The ‘intracultural’, as opposed to ‘international’, nature of Chinese-foreign marriage is further suggested by data from the Republic of Korea and Australia. Doo-Sub Kim (2010) shows that the number of cross-border marriages registered in South Korea increased from around 5,000 marriages in 1990 to over 40,000 in 2005, with China becoming the main sending country for such marriages by the mid-1990s. Kim does not specify what is meant by the category China and hence whether Chinese spouses could include people from Hong Kong and Macao. However, the majority (over 73 per cent) of the cross-border marriages registered between South Korean and Chinese citizens are marriages between Korean men and Chinese ethnic Korean women from China’s northern provinces of Heilongjiang, Jilin and Liaoning (Kim 2010: 134–5). Data from the Australian Bureau of Statistics (1994–2011) show that in Australia, of the 6,324 marriage registrations in 2011 that involved a spouse born in mainland China, 60 per cent were between two people born in mainland China, up from a low of 46 per cent in 2001.

However, academic and media reports indicate that the (usually male) foreign marrying partners of mainland Chinese citizens are increasingly choosing to live and work in the PRC, in keeping with China’s growing economic prosperity and the introduction of more accommodating legal frameworks. China is also emerging as a receiving destination for foreign brides, especially for women from rural areas of Vietnam, Myanmar and Laos. Both factors may contribute to different types of Chinese-foreign marriage being registered in mainland China in the future.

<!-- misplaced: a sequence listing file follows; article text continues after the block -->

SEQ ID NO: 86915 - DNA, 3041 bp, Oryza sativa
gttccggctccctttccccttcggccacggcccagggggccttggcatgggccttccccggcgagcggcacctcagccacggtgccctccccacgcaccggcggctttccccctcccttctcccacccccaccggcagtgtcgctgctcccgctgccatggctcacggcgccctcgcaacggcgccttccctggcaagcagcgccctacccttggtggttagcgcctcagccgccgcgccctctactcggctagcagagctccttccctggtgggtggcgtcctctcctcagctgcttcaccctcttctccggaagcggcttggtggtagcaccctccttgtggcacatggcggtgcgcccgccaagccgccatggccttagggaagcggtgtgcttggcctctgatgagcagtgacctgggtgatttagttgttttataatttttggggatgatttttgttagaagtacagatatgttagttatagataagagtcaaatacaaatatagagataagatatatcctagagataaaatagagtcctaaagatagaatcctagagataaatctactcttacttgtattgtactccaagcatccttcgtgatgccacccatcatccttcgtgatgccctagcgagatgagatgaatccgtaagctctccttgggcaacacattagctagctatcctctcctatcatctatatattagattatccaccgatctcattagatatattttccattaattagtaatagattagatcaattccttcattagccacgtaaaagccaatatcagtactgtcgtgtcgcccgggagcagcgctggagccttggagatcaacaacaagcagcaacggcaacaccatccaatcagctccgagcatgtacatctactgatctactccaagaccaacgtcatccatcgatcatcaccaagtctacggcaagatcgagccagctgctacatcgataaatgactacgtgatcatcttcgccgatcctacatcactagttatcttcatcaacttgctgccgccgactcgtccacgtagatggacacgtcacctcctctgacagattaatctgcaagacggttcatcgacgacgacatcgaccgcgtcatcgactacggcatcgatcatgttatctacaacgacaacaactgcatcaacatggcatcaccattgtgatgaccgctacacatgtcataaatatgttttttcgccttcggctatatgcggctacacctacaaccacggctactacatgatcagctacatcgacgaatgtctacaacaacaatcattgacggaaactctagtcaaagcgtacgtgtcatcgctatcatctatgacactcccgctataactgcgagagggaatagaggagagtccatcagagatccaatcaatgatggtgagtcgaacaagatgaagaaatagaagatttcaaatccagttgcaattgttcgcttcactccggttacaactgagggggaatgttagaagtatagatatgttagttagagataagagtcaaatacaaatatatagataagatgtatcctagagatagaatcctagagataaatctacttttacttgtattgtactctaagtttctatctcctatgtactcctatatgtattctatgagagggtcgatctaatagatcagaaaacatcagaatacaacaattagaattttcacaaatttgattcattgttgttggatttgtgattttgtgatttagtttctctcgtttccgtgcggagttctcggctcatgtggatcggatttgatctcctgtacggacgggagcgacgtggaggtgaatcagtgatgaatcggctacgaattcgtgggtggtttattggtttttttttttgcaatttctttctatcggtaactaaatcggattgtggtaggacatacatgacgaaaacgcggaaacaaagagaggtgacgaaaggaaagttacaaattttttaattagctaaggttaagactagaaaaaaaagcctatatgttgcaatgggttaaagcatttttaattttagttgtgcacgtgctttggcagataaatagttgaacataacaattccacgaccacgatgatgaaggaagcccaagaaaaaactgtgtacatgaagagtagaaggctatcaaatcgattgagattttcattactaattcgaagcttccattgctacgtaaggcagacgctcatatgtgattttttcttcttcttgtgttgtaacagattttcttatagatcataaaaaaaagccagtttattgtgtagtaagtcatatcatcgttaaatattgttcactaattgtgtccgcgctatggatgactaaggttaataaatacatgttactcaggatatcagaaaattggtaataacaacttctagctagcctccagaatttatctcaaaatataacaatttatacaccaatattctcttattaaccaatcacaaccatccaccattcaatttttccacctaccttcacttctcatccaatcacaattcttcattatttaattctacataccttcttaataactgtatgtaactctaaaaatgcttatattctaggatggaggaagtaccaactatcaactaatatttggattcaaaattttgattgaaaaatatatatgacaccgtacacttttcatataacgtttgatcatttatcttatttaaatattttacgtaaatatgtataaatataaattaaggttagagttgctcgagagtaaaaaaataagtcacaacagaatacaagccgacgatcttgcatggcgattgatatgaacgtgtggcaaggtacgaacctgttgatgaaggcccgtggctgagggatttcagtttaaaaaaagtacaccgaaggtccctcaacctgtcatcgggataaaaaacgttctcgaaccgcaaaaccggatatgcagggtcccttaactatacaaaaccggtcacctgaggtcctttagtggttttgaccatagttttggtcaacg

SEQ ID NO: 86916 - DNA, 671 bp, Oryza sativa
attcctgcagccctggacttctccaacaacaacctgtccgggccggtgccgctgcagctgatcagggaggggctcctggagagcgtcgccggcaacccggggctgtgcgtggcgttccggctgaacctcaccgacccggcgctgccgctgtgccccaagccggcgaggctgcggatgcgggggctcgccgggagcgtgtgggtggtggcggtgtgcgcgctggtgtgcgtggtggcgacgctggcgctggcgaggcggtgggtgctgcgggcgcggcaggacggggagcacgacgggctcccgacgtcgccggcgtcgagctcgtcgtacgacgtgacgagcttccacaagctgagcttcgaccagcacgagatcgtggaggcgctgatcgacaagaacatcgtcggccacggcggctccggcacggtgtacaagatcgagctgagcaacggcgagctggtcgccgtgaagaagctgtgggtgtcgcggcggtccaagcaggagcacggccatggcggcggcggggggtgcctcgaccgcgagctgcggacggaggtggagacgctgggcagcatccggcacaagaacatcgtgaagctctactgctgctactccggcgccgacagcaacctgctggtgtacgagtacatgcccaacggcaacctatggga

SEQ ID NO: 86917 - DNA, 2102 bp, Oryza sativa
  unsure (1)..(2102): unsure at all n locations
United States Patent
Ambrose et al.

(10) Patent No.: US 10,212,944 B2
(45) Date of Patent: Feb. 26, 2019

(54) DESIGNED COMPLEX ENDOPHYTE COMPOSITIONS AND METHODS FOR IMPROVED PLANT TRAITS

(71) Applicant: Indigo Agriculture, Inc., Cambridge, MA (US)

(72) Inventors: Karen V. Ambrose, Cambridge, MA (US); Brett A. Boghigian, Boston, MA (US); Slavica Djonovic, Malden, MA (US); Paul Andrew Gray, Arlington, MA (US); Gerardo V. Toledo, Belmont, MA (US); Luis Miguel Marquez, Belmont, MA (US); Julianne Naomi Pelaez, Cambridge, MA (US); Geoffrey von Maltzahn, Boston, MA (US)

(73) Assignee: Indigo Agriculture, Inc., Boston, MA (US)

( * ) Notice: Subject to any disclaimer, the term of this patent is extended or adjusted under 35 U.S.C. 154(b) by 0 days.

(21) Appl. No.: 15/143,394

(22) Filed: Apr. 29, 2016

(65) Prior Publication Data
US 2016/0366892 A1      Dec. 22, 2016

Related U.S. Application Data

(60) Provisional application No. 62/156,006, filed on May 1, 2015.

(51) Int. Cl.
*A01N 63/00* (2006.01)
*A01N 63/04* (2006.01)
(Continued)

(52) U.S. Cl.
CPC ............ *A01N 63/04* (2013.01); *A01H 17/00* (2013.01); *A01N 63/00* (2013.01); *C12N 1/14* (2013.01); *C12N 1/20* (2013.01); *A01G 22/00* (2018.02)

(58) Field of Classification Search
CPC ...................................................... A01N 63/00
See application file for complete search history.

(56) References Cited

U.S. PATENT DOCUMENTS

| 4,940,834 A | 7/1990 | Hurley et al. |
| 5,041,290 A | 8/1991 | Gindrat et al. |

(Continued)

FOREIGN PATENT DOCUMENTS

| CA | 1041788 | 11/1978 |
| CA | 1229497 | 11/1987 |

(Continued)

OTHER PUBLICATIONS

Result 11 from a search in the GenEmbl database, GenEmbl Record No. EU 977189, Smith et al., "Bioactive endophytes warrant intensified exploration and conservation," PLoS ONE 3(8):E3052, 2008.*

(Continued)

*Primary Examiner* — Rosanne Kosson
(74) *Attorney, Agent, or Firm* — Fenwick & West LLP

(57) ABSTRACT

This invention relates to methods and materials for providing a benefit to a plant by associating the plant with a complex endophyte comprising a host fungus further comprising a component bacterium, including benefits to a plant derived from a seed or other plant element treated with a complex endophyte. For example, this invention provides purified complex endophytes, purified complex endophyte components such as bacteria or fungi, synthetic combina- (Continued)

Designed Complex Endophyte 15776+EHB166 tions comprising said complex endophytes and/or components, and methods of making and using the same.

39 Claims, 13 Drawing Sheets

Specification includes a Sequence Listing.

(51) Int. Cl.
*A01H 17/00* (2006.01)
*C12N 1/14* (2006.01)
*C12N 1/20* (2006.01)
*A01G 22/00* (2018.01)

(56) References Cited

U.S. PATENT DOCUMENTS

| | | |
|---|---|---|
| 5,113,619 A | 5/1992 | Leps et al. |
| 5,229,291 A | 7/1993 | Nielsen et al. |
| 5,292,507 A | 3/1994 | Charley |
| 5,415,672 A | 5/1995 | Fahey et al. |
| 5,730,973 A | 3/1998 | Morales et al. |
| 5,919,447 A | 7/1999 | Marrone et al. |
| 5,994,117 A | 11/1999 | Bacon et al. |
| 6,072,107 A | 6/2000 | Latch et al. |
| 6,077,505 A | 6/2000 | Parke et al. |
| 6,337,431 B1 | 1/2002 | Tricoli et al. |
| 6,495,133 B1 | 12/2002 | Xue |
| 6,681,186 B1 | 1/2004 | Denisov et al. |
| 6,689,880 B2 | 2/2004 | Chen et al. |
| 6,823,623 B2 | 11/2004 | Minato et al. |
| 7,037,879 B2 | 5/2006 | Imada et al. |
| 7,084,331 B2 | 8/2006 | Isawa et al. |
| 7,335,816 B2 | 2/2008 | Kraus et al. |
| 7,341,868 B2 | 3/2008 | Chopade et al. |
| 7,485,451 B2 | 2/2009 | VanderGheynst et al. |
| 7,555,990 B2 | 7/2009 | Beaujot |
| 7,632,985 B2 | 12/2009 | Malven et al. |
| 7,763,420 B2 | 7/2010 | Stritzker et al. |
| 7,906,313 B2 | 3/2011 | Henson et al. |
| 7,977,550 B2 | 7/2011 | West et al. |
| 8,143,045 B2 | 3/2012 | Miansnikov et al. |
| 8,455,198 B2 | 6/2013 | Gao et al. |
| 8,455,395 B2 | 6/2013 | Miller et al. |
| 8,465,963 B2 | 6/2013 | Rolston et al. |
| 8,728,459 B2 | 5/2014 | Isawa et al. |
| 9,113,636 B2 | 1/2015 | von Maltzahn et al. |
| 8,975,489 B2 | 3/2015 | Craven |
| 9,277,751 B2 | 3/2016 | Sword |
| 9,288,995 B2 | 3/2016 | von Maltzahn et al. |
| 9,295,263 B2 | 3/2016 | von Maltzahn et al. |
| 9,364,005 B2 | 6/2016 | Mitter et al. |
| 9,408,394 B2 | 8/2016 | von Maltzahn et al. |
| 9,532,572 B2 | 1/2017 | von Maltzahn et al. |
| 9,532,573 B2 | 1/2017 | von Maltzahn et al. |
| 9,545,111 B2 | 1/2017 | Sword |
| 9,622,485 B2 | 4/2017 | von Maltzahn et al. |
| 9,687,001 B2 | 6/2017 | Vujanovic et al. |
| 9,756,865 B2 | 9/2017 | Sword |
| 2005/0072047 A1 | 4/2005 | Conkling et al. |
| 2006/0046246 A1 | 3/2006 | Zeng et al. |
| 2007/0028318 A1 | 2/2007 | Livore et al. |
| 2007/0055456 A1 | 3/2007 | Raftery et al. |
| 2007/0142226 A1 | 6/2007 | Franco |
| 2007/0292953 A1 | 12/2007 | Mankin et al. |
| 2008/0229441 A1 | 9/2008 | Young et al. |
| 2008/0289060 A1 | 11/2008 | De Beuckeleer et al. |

Elaine Jeffreys is an Australian Research Council Future Fellow and Associate Professor in China studies, University of Technology Sydney (UTS). Wang Pan is a research student at the University of Technology Sydney.

Notes

(1) This paper is an abridged version of Elaine Jeffreys and Wang Pan (2013) ‘The rise of Chinese-foreign marriage in mainland China, 1979-2010’, China Information, 27, 3: 347–69 (DOI: 10.1177/0920203X13492791). Please refer to that text for more details, including full bibliographic details. The research was supported by Australian Research Council Future Fellowship FT100100238.

References

Australian Bureau of Statistics (1994–2011) Marriages and Divorces.

Kim, Doo-Sub (2010) ‘The rise of international marriage and divorce in contemporary Korea’, in W-S. Yang and M. Lu, Melody (eds) Asian Cross-border Marriage Migration: Demographic Patterns and Social Issues, Amsterdam: Amsterdam University Press, 127–53.